The fulsome bottom end is quite remarkable for the cabinet size and while sub-sonics are out of the question (although they can be used with ADAM’s subwoofers), bass instruments were portrayed convincingly and tunefully.
The bass line on the Beatles’ Penny Lane, a recording I know intimately, contains subtle nuances many speaker systems fail to resolve, however the T5Vs revealed every last detail, including a single low bass note from a bowed double bass that often defeats monitors with much larger woofers.
The top-end is no less impressive, sounding fast, crisp and extended. Transient response is excellent, with no blurring of leading edges on vigorously strummed acoustic guitars, while cymbals are reproduced accurately without obscuring harmonic overtones.
This was demonstrated when replaying some recent mixes, including an Acid Folk-inspired project comprising acoustic guitar (6 and 12 string), fiddle, acoustic bass and percussion. Electronica courtesy of 1970s Krautrock-influenced Beak> demonstrated the T5Vs’ superb timing abilities with absolute precision, the metronomic beats sounding neither forced nor sluggish.
Do I really need this?
Getting your monitoring right is paramount in any music making environment. The trickle down technology from ADAM’s top models ensures the T5Vs offer exceptional insight into your sounds and mixes at a price previously unheard of in pro-audio. Equally at home in world-class studios and beginners’ home set-ups, these monitors set a new, extremely high standard in budget monitoring.
Their small footprint makes them easy to place, while their diminutive dimensions belie their massive sonic capabilities. Prospective buyers should not worry they are compromising on sound by spending so little – the T5Vs are true giant killers.A brilliant addition to the world of studio monitoring, future classic status is assured.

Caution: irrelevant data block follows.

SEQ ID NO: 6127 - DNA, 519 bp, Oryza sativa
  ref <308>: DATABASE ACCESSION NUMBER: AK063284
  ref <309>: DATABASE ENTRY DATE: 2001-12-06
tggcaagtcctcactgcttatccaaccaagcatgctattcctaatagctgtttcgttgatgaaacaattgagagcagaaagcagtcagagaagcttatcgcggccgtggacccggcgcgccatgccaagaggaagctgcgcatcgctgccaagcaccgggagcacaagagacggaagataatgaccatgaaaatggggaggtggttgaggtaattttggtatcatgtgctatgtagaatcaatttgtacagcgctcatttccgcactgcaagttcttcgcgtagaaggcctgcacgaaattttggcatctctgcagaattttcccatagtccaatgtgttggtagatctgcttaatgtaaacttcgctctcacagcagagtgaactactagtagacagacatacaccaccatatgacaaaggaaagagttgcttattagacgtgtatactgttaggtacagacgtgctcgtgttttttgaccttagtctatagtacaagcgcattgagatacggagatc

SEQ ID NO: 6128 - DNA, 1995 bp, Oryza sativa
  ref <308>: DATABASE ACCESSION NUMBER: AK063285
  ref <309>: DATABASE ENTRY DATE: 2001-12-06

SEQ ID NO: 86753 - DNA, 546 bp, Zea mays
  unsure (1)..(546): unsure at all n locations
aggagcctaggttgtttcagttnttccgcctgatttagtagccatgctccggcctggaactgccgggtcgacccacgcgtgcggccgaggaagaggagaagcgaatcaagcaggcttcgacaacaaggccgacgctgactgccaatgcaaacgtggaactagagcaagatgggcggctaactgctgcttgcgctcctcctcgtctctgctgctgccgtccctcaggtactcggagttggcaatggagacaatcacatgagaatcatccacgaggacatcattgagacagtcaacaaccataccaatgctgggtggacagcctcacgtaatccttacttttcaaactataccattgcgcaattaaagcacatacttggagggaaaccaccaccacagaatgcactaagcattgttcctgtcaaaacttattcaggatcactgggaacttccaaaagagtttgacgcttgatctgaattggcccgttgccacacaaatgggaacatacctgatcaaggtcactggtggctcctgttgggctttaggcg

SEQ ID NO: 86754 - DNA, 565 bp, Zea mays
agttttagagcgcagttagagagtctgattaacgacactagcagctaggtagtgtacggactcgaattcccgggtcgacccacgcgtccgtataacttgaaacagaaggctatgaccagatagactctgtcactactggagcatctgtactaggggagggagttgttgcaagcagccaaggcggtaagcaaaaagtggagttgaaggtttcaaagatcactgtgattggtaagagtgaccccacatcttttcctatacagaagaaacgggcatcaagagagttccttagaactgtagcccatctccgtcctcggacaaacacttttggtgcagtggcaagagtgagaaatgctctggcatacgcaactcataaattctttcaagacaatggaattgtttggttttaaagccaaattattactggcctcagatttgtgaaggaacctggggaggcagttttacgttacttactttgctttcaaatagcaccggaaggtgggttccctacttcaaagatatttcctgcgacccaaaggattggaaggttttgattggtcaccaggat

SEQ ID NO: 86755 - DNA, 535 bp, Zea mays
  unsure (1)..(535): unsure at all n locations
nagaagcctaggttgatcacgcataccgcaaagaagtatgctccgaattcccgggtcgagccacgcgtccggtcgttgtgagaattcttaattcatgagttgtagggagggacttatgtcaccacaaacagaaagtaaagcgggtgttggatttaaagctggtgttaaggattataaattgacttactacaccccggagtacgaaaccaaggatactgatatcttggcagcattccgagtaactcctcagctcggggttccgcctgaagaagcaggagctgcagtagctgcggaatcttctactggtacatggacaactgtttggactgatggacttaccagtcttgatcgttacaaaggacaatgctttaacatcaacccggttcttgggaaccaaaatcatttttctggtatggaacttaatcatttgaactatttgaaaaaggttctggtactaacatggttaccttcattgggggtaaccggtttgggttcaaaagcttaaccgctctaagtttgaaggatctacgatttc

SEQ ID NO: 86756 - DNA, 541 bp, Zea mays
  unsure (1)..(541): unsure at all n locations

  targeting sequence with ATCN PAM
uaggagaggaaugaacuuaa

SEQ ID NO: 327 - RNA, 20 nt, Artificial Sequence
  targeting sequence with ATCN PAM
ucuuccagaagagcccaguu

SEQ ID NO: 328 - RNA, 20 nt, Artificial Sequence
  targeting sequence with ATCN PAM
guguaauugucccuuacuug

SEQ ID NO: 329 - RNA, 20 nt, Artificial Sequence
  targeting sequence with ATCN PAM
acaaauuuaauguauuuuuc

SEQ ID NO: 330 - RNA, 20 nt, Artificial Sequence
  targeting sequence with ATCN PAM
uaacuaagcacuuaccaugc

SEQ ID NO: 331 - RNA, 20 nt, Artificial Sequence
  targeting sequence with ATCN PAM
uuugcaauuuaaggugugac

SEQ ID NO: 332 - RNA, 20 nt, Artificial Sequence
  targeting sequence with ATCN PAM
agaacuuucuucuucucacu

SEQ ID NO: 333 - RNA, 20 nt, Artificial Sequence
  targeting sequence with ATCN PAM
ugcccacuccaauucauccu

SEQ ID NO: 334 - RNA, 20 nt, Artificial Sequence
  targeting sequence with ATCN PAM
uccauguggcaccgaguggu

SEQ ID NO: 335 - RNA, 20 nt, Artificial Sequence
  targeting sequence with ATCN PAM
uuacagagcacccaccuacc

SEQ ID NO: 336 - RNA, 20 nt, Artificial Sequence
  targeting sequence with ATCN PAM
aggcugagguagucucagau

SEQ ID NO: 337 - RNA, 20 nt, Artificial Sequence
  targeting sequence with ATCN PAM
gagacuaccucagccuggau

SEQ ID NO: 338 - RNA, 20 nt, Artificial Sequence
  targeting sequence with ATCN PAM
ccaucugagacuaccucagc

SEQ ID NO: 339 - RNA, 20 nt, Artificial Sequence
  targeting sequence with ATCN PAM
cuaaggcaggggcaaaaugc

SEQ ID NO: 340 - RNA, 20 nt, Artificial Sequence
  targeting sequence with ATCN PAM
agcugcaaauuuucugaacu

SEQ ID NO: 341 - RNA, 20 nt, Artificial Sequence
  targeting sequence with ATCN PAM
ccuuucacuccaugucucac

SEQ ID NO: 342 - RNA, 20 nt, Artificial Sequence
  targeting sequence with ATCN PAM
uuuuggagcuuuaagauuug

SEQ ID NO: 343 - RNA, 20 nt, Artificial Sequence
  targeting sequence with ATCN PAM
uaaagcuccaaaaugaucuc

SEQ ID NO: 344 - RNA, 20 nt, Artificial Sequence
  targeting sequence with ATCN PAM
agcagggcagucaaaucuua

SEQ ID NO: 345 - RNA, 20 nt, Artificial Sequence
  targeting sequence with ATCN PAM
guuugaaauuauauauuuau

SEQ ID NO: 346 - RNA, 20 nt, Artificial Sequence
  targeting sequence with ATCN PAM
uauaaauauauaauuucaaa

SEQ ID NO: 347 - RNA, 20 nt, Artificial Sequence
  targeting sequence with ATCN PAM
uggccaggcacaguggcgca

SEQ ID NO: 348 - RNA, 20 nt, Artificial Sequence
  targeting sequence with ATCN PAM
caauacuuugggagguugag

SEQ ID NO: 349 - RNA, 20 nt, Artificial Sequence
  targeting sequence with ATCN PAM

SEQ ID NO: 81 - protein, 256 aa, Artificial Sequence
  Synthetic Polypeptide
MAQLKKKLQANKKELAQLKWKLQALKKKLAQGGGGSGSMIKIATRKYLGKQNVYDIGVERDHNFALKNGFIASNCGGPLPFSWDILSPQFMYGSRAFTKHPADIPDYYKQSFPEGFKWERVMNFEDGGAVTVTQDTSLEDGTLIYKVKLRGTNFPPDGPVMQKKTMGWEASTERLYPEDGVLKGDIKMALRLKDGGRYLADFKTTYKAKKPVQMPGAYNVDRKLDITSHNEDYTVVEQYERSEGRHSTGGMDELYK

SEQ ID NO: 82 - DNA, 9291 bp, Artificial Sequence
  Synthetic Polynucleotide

Unlike some designs that take a warts ’n’ all view on accuracy and transparency, these monitors’ broad mid-range and treble is noticeably sweet without sounding bright or hyped, as do many budget loudspeakers.
Speech and vocals – the acid test for any monitor – sound natural and truthful albeit with a smidgen of sugarcoating. Only here did the T5Vs deviate from the current trend for stark, brutal honesty, displaying a musical heart without sacrificing detail retrieval.
This is in no small part due to their imaging capabilities; the T5Vs’ soundstaging is exceptional. Stereo imaging is spot-on, with performers perfectly placed within the soundstage and front to back imaging is no less awe-inspiring, presenting a cavernously deep setting with beautifully atmospheric ambient cues.
Here, the HPS waveguard really shows its worth. Mixing in mono (as I always begin my mixes) presented a solid, stable central image, while moving my head up and down the vertical plane revealed no phase issues whatsoever.
Dynamic expression – the ability to hear subtle changes in level of individual instruments within a mix – is quite remarkable for a monitor of this size. Their ability to go from quiet to loud during musical crescendos can be dramatic.
The T5Vs greatly impressed all who heard them and while they aren’t the last word in unvarnished, ruthless transparency, the T5Vs are accurate and neutral enough to richly deserve their professional studio monitor status.
In practise, the T5Vs slotted in with our (vastly more expensive) ATC monitoring system seamlessly, something that can’t be said of several more pricey units I’ve auditioned. A comparison with our classic Yamaha NS10M nearfield monitors revealed the ubiquitous passive boxes to be lean and shouty.
The ADAM T5Vs are astonishingly good monitors which are destined for widespread use – both as nearfields in professional studios and as sole monitors in smaller rooms. They are among the best four-figure mini-monitors on the market, yet they – incredibly – cost just shy of £300.
Two-way active nearfield monitors featuring JBL’s acclaimed Image Control Waveguard technology to add depth to the sound. Excellent clarity and imaging are among the monitor’s strong points, while they represent great value for money.
Alpha Range £400 – £510
Astounding clarity, accuracy and tremendous audio quality for the price are assets that Focal’s Alpha series have in common with ADAM’s T5Vs. We were so impressed with them that we gifted them our Gear of the Year award.
Get the latest news, reviews and tutorials to your inbox.Subscribe